Monday, May 30, 2016

Prefontaine Classic 2016

I arrive in Eugene on Friday having flown from Seattle. My carefully planned schedule works like a charm in spite of the Memorial Day weekend travel challenges thrown its way. I park at my motel a few blessed blocks from Hayward Field, open my car door, and find myself looking directly at Alberto Salazar, who is standing no more than five feet away.

You’ve gotta love Eugene - they’ve got the welcoming committee bit nailed.

There was some danger in having the wind go out of the sails of this year’s Classic. The star power was diminished considerably with the withdrawals of Genzebe Dibaba, Allyson Felix, Galen Rupp and Matt Centrowitz. Each of their races was memorable nonetheless, but one can only wonder what having someone to run with so deep into the women’s 5,000m would have meant to Dibaba’s final time. And Centrowitz vs Kiprop? Rupp vs Farah? Felix vs Richards-Ross? Seems a little was left on the table in this Olympic year.

This did not in any way diminish the on-the-track performances, where two American records were set and two world records barely survived. Emma Coburn had previously set the steeplechase AR, only to have it invalidated when she was not drug-tested after her performance. Her 9:10.76 will stick this time, however, in a race which featured the #2 and #3 performances of all-time: Ruth Jebet (BRN, 8:59.97) and Hyvin Kiyeng (KEN, 9:00.01).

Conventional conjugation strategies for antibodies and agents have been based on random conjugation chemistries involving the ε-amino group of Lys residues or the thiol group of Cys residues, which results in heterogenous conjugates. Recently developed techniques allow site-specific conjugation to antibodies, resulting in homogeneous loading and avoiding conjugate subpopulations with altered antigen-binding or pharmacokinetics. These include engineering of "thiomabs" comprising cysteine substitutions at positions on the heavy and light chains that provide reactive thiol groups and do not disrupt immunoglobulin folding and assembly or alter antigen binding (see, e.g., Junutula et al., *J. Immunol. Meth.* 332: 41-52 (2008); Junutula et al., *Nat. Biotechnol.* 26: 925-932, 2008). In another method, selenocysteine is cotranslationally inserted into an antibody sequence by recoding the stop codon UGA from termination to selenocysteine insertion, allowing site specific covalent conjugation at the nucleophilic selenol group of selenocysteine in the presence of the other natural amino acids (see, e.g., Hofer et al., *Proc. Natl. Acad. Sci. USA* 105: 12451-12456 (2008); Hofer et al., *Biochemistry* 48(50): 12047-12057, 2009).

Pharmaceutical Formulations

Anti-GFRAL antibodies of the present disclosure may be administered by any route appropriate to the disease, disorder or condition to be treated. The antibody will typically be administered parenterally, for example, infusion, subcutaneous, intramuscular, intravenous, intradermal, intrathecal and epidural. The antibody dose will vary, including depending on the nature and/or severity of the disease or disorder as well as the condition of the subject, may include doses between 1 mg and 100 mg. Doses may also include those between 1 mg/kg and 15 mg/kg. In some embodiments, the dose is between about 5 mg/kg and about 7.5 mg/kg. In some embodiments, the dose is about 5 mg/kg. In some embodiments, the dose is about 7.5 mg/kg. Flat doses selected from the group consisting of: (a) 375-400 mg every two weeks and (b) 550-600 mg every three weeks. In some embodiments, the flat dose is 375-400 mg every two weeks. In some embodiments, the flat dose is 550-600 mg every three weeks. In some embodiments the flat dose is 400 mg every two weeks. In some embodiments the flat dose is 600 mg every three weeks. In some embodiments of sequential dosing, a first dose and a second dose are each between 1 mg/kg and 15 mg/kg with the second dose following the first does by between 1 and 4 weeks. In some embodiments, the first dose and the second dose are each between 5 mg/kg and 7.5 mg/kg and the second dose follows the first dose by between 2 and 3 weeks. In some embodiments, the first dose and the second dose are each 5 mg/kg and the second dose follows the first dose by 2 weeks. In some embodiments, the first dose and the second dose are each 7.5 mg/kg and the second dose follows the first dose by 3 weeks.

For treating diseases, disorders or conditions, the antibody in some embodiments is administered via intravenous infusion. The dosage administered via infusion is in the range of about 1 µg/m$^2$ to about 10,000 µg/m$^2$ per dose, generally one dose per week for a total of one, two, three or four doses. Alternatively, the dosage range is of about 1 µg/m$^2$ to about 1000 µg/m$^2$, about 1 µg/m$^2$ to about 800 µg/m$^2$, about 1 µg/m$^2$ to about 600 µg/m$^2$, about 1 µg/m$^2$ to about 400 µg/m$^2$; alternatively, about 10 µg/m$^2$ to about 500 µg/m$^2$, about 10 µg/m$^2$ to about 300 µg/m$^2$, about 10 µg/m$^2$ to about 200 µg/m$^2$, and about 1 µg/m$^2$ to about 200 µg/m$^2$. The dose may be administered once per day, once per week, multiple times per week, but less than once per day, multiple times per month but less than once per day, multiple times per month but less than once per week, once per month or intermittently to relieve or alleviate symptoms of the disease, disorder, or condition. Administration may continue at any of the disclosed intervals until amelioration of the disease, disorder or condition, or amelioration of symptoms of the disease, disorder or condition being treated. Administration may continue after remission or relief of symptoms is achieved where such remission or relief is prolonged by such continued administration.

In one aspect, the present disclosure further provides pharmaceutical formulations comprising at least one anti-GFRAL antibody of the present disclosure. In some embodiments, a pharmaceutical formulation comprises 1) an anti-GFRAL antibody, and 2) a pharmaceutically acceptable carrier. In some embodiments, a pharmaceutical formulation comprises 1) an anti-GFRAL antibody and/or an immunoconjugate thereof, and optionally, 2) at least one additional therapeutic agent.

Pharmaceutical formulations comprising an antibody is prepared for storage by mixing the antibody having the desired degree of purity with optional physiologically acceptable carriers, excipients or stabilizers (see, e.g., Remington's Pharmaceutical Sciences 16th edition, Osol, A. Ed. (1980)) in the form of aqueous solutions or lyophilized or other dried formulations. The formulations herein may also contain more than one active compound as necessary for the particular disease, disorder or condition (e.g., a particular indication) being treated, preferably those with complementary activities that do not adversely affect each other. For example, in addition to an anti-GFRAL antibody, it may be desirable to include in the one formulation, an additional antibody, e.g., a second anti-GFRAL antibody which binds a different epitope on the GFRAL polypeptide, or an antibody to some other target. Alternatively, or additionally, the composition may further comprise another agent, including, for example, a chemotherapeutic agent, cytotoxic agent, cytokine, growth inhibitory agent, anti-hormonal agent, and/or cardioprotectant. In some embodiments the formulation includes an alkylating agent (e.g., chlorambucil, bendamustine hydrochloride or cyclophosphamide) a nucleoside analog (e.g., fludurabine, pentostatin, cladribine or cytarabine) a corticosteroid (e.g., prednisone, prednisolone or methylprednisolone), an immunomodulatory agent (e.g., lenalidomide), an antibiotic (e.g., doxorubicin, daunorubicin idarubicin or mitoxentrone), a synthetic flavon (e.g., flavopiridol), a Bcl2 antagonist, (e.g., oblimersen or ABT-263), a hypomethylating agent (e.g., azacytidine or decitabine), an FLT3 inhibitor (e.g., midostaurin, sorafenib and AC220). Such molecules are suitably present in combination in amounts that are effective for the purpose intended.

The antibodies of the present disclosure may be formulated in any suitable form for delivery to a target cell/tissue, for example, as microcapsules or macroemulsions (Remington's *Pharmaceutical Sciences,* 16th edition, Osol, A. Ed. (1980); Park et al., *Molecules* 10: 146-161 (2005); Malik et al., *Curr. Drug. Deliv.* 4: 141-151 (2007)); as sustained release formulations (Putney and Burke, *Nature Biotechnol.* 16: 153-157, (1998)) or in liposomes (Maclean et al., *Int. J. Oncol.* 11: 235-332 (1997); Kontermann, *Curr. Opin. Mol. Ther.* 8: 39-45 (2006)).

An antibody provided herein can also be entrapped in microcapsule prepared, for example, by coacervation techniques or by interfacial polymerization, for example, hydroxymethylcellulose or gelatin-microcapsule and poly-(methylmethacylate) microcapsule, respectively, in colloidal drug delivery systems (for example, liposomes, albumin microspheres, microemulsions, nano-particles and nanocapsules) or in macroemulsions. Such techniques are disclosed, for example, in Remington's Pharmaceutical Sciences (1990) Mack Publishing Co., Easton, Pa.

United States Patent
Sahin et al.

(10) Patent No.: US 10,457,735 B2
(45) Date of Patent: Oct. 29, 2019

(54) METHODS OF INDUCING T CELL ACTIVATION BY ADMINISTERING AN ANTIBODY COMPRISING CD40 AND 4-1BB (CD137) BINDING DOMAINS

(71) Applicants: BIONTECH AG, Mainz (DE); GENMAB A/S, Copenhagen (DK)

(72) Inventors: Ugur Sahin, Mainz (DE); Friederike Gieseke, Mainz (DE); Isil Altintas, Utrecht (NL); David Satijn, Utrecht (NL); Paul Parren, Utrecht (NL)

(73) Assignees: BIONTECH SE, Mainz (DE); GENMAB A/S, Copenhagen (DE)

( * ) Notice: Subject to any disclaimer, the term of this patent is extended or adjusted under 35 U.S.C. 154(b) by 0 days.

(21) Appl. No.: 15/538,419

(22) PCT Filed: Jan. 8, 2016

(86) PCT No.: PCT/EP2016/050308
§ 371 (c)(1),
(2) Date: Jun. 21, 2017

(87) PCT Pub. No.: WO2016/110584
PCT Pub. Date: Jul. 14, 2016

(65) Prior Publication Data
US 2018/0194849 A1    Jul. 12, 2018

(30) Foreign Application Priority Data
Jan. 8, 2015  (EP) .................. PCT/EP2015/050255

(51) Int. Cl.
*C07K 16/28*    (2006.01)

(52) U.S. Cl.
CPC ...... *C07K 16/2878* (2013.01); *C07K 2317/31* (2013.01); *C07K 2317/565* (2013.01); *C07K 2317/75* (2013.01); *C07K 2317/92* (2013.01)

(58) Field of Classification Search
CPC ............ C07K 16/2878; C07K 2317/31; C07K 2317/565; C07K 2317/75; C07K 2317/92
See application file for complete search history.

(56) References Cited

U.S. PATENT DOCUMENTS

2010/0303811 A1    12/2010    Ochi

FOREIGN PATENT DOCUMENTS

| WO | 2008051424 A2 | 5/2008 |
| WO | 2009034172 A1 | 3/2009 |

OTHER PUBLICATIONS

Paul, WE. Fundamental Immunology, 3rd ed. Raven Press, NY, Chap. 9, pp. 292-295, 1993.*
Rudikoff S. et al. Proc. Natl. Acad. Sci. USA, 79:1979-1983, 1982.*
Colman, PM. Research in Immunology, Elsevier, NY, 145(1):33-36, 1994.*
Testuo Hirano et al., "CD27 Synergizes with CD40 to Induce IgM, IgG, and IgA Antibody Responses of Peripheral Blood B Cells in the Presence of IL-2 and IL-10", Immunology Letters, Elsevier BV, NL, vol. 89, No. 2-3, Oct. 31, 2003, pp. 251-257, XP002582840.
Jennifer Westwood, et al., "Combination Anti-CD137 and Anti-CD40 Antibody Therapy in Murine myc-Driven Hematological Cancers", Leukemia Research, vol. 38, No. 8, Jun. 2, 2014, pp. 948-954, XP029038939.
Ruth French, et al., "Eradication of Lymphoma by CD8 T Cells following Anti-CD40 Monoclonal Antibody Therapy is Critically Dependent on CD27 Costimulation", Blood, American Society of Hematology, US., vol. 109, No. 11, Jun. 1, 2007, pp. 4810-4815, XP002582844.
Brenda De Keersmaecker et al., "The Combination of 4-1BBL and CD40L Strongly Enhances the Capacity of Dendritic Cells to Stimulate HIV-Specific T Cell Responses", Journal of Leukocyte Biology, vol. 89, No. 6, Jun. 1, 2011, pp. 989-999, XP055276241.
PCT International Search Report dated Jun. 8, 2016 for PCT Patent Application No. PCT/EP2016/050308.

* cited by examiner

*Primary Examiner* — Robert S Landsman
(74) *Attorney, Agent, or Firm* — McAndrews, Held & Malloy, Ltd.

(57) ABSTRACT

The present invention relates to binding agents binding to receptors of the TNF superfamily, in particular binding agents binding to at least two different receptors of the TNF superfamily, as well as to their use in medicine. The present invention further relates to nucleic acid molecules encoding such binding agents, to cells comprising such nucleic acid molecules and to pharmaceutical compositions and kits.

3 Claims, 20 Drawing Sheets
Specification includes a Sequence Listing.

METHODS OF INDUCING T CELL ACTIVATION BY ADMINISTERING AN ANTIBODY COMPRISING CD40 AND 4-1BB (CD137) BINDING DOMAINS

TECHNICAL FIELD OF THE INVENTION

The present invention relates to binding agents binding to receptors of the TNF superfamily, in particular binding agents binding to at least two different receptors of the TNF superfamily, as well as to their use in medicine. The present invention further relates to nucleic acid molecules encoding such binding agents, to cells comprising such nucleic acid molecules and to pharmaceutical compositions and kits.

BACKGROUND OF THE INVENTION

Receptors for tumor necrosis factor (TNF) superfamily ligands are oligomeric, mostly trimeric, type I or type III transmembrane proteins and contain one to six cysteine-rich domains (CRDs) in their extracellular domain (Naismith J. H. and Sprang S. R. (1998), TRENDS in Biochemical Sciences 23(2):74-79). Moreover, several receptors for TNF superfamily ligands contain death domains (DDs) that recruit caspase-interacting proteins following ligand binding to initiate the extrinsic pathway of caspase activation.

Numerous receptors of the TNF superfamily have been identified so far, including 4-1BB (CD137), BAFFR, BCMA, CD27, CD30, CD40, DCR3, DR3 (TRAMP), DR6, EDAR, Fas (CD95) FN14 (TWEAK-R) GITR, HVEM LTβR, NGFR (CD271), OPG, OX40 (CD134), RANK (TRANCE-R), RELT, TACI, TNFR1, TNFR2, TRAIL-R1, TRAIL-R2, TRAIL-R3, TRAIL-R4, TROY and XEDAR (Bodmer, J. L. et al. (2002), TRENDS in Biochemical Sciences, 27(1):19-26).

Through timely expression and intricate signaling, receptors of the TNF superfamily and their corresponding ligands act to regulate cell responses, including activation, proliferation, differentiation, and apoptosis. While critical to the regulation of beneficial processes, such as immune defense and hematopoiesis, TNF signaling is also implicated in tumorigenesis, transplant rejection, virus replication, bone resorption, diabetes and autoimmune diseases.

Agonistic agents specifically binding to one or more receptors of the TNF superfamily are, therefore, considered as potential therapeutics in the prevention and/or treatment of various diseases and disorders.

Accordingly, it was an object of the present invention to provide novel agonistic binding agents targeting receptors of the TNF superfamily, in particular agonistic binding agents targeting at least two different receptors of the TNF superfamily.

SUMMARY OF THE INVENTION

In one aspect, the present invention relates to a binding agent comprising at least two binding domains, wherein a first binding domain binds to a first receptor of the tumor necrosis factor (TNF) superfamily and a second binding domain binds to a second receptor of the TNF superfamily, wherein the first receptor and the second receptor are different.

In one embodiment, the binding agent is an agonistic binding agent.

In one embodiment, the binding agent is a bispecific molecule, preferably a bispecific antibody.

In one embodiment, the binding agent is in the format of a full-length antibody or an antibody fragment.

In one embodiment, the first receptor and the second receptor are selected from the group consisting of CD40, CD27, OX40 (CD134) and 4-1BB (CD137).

Similarly, Harrison set the 100m hurdles AR in 12.24, smashing the previous record of Brianna Rollins (12.26) and scaring Yordanka Donkova’s (Bul) world record of 12.21.

The Bowerman Mile was won in 3:51.54; the international mile in 3:52.64. It’s just not the Bowerman Mile anymore if it’s not sub-3:50. Guys, would you get with the program?

It strikes me that the international mile must be the greatest developmental event in the world – for men. Am wondering why there is not an equivalent event for women. Doesn't have to be the mile - how about the 100m hurdles, likely the deepest event for women right now.

Coolest moment every year: announcement at 1:00pm that the international television feed is joining us. Suddenly, millions of like-minded appreciators of the sport have joined the athletics festival unfolding before of us. 

Welcome one and all.

Memorable moment: Kenyan Julius Yego appears in the hotel lobby. We make a connection and I indicate I’ve written about him – on the day he won the World javelin title, becoming the first man from Africa to do so. It’s a short piece and I read it to him. 

He bows in gratitude.

In the local color department, a man near me in a restaurant was devouring rather enthusiastically his root beer float. Then his enormous dinner arrived. 

I could learn from him.

That’s it from Eugene where the trees are green, the grass is greener as well as for sale, and greenest of all are the false start cards.

The Yego article:

No comments:

Post a Comment